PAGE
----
2. In a letter to Chargé Mallory, dated February 5, 1951, Mr. Miller had stated In part the following: “Regardless of the visit and regardless of the ground covered by George Messersmith, I sincerely hope that I will have an opportunity to talk with Perón alone. The deterioration in U.S.-Argentine relations during the last three weeks is most discouraging to us, as I assume it is to you, and I would like to go over with Perón some of the choicer morsels which his press has been serving up recently and compare them to some of the letters which he sent me last spring and summer.” (Miller Files, Lot 53 D 26)
  3. Hipólito Jesús Paz, Argentine Minister of Foreign Relations.
  4. María Eva Duarte de Perón.
  5. For documentation on Mr. Miller’s visit to Buenos Aires, February 19–24, 1950, see Foreign Relations, 1950, vol. ii, pp. 691 ff.
  6. Ramón Antonio Cereijo, Argentine Minister of the Treasury and President of the National Economic Council.
  7. Reference is to the experiments with atomic energy conducted for the Argentine Government by Dr. Ronald Richter. On March 24, 1951, President Perón announced that Dr. Richter’s experiments had resulted in the discovery of an improved method for producing atomic energy, but the announcement ultimately proved frivolous. Documents pertaining to this subject are in Department of State decimal files 835.2546 and 935.7137.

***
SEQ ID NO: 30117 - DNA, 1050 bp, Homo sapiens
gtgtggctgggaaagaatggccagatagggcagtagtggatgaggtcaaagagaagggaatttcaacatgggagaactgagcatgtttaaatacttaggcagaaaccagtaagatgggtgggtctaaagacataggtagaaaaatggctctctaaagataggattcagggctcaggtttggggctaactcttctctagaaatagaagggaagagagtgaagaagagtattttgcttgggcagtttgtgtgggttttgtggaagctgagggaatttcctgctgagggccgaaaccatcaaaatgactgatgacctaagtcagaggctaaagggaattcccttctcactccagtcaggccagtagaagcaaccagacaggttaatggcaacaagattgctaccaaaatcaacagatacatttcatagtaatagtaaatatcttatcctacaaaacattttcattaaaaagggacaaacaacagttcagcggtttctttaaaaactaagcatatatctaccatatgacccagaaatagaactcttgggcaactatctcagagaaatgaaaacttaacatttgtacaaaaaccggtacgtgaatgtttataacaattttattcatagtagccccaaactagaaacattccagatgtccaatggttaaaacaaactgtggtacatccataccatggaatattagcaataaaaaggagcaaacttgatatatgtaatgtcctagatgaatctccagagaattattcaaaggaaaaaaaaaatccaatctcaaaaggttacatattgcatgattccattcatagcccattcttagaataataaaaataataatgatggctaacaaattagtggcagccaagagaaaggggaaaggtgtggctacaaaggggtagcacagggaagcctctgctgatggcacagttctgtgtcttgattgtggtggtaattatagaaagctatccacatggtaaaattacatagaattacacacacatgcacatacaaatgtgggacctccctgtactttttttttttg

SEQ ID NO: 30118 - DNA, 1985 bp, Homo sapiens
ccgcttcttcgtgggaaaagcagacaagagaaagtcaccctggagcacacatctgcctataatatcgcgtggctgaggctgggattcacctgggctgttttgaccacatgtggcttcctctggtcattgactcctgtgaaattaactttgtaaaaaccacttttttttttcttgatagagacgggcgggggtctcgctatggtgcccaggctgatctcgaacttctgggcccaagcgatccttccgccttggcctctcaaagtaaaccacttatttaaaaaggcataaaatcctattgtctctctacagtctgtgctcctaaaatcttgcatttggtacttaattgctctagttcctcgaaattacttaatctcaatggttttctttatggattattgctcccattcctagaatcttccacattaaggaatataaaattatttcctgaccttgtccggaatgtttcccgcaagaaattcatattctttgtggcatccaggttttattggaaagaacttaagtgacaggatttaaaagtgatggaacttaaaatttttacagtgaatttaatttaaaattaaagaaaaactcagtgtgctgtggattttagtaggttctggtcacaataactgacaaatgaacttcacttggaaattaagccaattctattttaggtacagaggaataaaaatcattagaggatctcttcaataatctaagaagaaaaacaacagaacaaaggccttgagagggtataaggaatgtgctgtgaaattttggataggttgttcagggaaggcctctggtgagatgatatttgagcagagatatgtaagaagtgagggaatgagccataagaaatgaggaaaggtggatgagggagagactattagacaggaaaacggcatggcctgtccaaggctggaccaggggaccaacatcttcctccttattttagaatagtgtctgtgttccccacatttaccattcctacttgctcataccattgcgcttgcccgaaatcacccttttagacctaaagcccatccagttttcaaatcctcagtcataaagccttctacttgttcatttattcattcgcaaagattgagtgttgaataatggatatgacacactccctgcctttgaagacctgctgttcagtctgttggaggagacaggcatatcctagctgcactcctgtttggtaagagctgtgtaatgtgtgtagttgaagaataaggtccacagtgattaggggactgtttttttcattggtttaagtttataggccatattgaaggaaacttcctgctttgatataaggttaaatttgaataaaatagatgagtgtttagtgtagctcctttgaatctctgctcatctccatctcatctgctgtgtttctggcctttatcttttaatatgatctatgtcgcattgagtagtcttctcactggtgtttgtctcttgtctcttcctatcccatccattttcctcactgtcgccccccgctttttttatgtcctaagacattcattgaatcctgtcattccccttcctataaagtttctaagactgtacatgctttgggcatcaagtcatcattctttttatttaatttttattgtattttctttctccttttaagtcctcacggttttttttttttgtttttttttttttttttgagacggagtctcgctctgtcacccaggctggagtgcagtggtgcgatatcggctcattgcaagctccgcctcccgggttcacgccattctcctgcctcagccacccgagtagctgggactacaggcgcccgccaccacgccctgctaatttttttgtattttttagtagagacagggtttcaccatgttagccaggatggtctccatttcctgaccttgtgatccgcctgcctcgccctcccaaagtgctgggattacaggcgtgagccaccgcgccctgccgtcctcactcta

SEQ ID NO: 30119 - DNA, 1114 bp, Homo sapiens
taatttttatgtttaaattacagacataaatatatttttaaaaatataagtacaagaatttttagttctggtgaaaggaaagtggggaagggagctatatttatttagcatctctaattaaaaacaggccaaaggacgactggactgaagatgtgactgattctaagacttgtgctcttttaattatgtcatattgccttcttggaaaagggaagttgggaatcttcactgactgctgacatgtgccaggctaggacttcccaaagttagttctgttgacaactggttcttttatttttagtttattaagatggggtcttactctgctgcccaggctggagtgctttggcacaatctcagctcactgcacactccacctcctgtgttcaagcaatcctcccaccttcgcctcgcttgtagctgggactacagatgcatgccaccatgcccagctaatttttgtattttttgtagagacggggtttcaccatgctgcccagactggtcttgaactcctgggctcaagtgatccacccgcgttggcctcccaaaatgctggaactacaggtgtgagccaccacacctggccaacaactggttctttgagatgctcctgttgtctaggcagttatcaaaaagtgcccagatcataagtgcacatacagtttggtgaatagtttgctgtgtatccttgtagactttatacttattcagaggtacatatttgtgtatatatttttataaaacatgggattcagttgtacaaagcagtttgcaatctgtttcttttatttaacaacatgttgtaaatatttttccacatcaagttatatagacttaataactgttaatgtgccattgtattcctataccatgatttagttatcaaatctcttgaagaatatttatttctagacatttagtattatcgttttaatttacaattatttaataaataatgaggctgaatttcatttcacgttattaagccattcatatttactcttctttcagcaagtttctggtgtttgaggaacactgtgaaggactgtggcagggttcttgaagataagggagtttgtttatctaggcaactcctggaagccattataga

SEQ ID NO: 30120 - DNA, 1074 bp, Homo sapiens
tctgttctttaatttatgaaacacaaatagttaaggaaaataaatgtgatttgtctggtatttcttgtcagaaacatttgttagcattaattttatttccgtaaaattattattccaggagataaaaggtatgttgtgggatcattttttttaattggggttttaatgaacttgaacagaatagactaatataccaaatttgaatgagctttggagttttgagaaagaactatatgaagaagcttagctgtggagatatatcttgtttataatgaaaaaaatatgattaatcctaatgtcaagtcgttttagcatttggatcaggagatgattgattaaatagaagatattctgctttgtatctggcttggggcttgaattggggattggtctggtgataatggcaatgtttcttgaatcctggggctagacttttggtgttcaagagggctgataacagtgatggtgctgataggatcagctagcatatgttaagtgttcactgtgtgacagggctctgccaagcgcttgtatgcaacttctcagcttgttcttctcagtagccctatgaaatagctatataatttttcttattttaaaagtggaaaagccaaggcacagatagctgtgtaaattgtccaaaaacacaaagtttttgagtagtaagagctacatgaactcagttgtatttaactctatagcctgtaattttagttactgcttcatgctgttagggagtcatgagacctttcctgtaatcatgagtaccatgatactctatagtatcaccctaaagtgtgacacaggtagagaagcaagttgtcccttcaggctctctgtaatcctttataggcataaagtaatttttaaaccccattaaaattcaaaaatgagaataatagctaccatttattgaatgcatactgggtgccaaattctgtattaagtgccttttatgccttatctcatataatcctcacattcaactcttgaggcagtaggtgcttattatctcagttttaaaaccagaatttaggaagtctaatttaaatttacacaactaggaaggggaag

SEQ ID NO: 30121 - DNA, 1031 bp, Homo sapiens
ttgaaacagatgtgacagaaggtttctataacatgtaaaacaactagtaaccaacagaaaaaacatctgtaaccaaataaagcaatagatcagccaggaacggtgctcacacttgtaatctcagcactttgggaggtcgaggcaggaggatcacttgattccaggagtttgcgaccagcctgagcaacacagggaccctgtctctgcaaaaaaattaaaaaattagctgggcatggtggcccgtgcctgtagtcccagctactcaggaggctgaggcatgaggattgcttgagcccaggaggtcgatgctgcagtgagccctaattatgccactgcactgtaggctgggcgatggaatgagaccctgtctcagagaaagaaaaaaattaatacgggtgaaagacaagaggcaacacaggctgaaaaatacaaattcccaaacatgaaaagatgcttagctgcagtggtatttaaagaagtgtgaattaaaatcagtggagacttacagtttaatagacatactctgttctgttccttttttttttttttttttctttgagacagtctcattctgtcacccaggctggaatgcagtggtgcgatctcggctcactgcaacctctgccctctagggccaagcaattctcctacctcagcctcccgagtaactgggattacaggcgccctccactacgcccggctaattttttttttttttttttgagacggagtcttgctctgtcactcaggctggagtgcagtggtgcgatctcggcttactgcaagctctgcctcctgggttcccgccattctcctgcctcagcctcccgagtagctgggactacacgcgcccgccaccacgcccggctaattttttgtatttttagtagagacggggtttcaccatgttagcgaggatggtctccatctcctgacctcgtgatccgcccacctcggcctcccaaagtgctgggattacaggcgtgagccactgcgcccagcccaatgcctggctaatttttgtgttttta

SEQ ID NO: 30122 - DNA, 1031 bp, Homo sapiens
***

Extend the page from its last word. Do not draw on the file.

8. La Prensa, the independent Argentine newspaper, was forced to cease publication on January 26, 1951, because of a boycott of the paper by the Argentine newsvendors’ union, an affiliate of the government-sponsored Central Confederation of Labor (Confederación General del Trabajo-CGT); on April 13 the newspaper was expropriated by the Argentine Government.
  9. Jerónimo Remorino, Argentine Ambassador to the United States.
  10. In a letter to Chargé Mallory, dated March 13, 1951, Assistant Secretary Miller stated in part the following: “I am, of course, bitterly disappointed that instead of easing up on La Prensa since I left, the attitude seems more hostile than ever. It seems to me that unless some solution is found of the La Prensa case, we are going to be in for extremely hard sledding in connection with any constructive program towards Argentina.” (Miller Files, Lot 53 D 26)